New and Recent Books
ISBN 9781894574488. Index. 160 pp. 2017. $30.00
C. G. Jung was arguably the most visionary psychologist of the twentieth century, and A. J. Toynbee the most celebrated historian of his generation. This book explores what they have in common.
Before I dive into Toynbee’s ideas and their connection to Jung’s late reflections, I will present an overview of both Toynbee’s and Jung’s lives, paying attention to how the same events shaped both men’s work in a very similar vein, expressed at points in a comparable vernacular, at points from a different, yet related, perspective.
In any case, the convergence of their understanding is not well known, though its pertinence to civilized life is to my mind utterly indispensable — far too essential to linger fallow in obscurity.
Gary Sparks,J. B.Sc., M.Div., M.A., is a graduate of Bucknell University in Lewisburg, PA; the Pacific School of Religion in Berkeley, CA; and the C.G. Jung Institute of Zurich, Switzerland. He is a former Peace Corps Korea Volunteer during the early 1970s and co-editor of Edward F. Edinger’s Science of the Soul (2002) and Ego and Self: The Old Testament Prophets (2000). He is widely known in North America for his lectures and seminars on the significance and application of Jungian psychology. (See www.jgsparks.net.)
ISBN 9781894574464. 25 Illustrations. 64 pp. 2016. $25.00
8"x11" layflat binding.
The Sanskrit word mandala means “whole circle” in the ordinary sense of the word. In the sphere of depth psychology, it refers to a sacred protective image, often a squared circle, or vice versa, enclosing many intricate, symmetrical forms.
Mandalas have been created by all peoples everywhere at all times. They are “cosmograms”—images of an individual’s psychic reality, a snapshot of where one is at that moment—how they relate to themselves and the world around them.
The eminent Swiss psychiatrist C. G. Jung, after extensive research, discerned that mandalas are a traditional antidote for chaotic states of mind. Thus he encouraged his patients to draw, paint or dance mandalas when they were depressed or beset with conflicting desires.
In short, mandalas are images that help to heal the split or distressed personality, in service of the self-regulation of the psyche.
There is no need to be a skilled artist. Whether it is approached as meditation, sensation, reflection, or just playful activity, the act of using color and image to amplify the connection with the unconscious is an invitation to enrich one’s personal life. You can incorporate it into a ritual; use your favorite music; dance it; frame it—or simply use it as an instant portable entry to a different mode of being.
This coloring book is an invitation to play and create. It is an extension of Inner City Books’ mandate to promote Jung’s ideas. We wish you the joy of disappearing into these pages. Who knows what you will find in here, and in yourself?
Have fun and tell your friends!
About the Artist and His Work
In this collection, Ontario artist David Rankine provides twenty-five black and white images ready to be colored with whatever medium comes to hand. The result will be attractive, but their real power lies in the doing of them and subsequent meditation on their personal significance in terms of soul and psychic wholeness. They are essentially a spiritual practice with the purpose of being psychologically alert and present to oneself. For more information, visit davidrankineart.com.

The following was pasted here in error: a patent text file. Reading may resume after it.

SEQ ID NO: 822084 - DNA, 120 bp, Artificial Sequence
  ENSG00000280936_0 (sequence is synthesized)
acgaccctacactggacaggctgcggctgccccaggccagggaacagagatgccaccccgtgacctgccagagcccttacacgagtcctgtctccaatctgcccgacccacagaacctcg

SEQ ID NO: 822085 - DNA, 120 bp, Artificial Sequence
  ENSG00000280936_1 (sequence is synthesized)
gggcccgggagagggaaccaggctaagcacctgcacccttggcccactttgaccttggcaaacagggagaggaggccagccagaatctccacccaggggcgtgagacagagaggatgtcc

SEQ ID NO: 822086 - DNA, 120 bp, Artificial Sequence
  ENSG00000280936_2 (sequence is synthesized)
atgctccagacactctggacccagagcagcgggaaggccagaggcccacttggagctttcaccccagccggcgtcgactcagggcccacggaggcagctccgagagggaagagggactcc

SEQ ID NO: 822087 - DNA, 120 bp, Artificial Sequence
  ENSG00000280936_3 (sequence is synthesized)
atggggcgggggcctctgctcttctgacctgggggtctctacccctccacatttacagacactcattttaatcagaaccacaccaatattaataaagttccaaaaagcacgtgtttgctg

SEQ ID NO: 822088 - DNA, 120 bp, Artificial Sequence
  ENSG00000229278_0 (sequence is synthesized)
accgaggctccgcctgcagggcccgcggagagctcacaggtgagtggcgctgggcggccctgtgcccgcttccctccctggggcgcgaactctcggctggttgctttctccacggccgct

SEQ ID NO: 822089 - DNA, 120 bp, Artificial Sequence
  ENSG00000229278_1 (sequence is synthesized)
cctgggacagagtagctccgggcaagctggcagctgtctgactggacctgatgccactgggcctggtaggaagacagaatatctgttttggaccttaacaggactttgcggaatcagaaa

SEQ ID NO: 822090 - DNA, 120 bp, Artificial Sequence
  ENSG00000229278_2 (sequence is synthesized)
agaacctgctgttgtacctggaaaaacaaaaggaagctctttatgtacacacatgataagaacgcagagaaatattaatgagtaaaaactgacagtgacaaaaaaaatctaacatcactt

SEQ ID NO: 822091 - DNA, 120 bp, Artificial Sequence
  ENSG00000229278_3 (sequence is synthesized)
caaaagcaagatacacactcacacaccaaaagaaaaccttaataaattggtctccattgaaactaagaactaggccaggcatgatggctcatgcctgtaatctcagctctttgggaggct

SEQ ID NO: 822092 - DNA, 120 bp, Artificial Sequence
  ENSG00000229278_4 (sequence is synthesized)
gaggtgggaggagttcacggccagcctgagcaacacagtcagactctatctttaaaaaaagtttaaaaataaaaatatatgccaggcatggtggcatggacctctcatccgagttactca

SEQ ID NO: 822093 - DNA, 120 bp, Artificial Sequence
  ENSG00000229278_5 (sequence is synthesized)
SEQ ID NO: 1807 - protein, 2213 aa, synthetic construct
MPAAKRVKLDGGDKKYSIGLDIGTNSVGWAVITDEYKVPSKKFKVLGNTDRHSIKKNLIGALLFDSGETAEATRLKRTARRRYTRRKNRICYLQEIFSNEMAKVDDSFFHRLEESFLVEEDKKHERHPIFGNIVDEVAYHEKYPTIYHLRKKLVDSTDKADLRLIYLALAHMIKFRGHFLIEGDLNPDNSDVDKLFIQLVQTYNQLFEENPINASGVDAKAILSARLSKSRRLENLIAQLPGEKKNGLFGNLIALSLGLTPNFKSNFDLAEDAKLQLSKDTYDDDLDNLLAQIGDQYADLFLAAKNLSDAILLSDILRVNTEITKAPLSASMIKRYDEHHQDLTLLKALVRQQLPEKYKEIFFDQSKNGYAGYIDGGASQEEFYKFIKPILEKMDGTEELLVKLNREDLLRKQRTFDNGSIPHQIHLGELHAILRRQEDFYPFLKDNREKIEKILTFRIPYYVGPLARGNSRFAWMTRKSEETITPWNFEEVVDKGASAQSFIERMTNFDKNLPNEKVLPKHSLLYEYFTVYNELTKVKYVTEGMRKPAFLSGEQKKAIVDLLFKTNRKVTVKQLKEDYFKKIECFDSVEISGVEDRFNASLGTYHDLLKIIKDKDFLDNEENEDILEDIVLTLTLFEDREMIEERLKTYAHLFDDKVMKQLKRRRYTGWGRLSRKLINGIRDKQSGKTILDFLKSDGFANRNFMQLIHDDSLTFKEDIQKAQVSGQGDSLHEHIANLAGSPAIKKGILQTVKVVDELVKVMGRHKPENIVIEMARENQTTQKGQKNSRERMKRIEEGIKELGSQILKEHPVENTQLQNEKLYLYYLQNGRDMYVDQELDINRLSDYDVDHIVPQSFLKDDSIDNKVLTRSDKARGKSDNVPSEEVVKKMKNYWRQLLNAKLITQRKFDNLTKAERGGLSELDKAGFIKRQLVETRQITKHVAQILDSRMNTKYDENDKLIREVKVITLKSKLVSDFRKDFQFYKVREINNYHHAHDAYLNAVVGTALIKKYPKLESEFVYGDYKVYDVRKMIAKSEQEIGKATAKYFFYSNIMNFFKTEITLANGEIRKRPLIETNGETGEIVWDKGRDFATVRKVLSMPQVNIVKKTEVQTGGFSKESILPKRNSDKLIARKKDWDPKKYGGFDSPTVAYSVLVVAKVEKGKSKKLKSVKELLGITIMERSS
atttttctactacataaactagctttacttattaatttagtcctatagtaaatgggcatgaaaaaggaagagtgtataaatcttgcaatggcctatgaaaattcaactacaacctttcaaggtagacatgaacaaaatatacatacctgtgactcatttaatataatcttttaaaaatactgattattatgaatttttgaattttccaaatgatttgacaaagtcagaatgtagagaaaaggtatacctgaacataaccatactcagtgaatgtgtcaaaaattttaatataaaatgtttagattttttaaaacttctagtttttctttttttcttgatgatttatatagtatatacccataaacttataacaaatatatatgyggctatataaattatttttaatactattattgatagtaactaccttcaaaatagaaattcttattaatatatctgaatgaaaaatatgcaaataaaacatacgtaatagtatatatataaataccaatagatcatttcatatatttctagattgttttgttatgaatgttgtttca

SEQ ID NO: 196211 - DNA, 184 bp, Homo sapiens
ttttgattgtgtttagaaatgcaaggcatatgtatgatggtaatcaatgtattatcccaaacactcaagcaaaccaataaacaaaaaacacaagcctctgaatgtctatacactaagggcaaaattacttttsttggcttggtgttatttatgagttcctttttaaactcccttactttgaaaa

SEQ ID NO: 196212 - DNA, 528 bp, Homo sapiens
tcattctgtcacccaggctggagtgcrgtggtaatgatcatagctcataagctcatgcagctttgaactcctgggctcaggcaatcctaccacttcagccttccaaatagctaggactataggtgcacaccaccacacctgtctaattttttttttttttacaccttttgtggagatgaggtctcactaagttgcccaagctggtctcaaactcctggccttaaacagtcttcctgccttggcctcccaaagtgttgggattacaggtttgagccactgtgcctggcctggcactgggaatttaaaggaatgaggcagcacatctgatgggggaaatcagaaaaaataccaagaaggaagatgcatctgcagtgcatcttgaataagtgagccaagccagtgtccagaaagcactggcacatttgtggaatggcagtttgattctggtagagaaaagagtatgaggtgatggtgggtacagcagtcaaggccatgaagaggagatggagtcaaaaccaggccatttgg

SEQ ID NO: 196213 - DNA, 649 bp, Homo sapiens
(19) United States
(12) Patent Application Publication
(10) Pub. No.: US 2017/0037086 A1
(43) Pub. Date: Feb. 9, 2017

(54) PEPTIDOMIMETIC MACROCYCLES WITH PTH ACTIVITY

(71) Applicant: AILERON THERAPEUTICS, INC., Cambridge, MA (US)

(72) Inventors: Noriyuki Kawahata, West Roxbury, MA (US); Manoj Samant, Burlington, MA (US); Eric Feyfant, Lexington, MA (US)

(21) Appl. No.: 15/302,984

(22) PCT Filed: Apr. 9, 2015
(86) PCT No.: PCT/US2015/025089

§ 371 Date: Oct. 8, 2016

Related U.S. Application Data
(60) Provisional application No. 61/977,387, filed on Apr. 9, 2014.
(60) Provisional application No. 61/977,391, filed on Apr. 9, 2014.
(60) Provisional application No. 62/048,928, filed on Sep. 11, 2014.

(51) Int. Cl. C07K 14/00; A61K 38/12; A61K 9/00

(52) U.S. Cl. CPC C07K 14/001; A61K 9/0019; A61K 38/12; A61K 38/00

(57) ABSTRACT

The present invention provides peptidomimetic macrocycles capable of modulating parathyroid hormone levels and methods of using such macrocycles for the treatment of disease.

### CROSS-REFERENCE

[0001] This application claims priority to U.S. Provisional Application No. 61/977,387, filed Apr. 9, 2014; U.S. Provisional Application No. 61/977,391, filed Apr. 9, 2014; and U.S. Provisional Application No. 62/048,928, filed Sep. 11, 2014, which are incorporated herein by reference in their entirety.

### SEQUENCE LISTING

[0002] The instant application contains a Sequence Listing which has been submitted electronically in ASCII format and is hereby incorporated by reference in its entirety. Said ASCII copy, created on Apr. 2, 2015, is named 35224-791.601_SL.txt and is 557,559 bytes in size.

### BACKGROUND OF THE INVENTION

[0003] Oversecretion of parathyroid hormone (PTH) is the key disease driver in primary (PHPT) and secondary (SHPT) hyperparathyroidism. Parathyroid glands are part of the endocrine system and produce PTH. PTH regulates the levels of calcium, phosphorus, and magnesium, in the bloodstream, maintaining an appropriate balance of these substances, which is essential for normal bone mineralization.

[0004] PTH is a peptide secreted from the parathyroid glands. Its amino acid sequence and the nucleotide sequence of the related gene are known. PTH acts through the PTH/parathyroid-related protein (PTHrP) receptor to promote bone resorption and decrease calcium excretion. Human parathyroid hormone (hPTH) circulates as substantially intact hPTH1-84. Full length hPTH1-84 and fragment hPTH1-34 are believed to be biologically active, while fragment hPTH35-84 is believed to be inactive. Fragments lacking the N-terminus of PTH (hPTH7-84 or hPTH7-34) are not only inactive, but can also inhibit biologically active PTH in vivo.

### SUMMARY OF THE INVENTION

ISBN 9781894574457. Index. 128 pp. 2016. $25.00
In this book I revert to my earlier love of explicating Jung’s essays, interweaving Logos and my own whimsical Eros commentaries. Some passages may be familiar to readers, like a loved painting with a few added brush-strokes here and there.
Pocket Jung is written for the general reader who may not be acquainted with Jung’s own writings, many of which, intended for the specialist, are not easily understood by those who lack the technical knowledge that would enable them to appreciate the value and significance of Jung’s researches. Such knowledge is particularly necessary for an understanding of the alchemical research that occupied so much of his time and energy during the last twenty years of his life.
I have not attempted to make an exhaustive resume of Jung’s approach to psychic reality. Rather I have tried to set forth here some of the basic ideas on which his school of psychology rests.
The material of these chapters was originally presented over the years to an intelligent group of men and women in Columbus, Indianapolis, San Francisco, Vancouver, Winnipeg and Toronto, who were not very familiar with Jung. I hope that this relatively simple presentation may also meet the needs of a wider public. My intention has been to capture the richness of Jung’s thoughts and stimulate the reader to know more about Jung’s work and school of depth psychology. Jung’s primary aim was to raise the individual’s level of consciousness, so that she or he not be prey to unknown psychic forces, and that is my aim too. Now read on and savor some of the best of C. G. Jung.
The cover of this book is deliberately bland, so you can carry it around without anyone knowing you are discovering yourself.
Daryl Sharp, Dipl. Analytic Psych. (Zurich), M.A., B.Sc., B.J., is a graduate of the C. G. Jung Institute in Zurich and the author of many other books in the series Studies in Jungian Psychology by Jungian analysts. He is the publisher of Inner City Books in Toronto, Canada, where he has an analytic practice.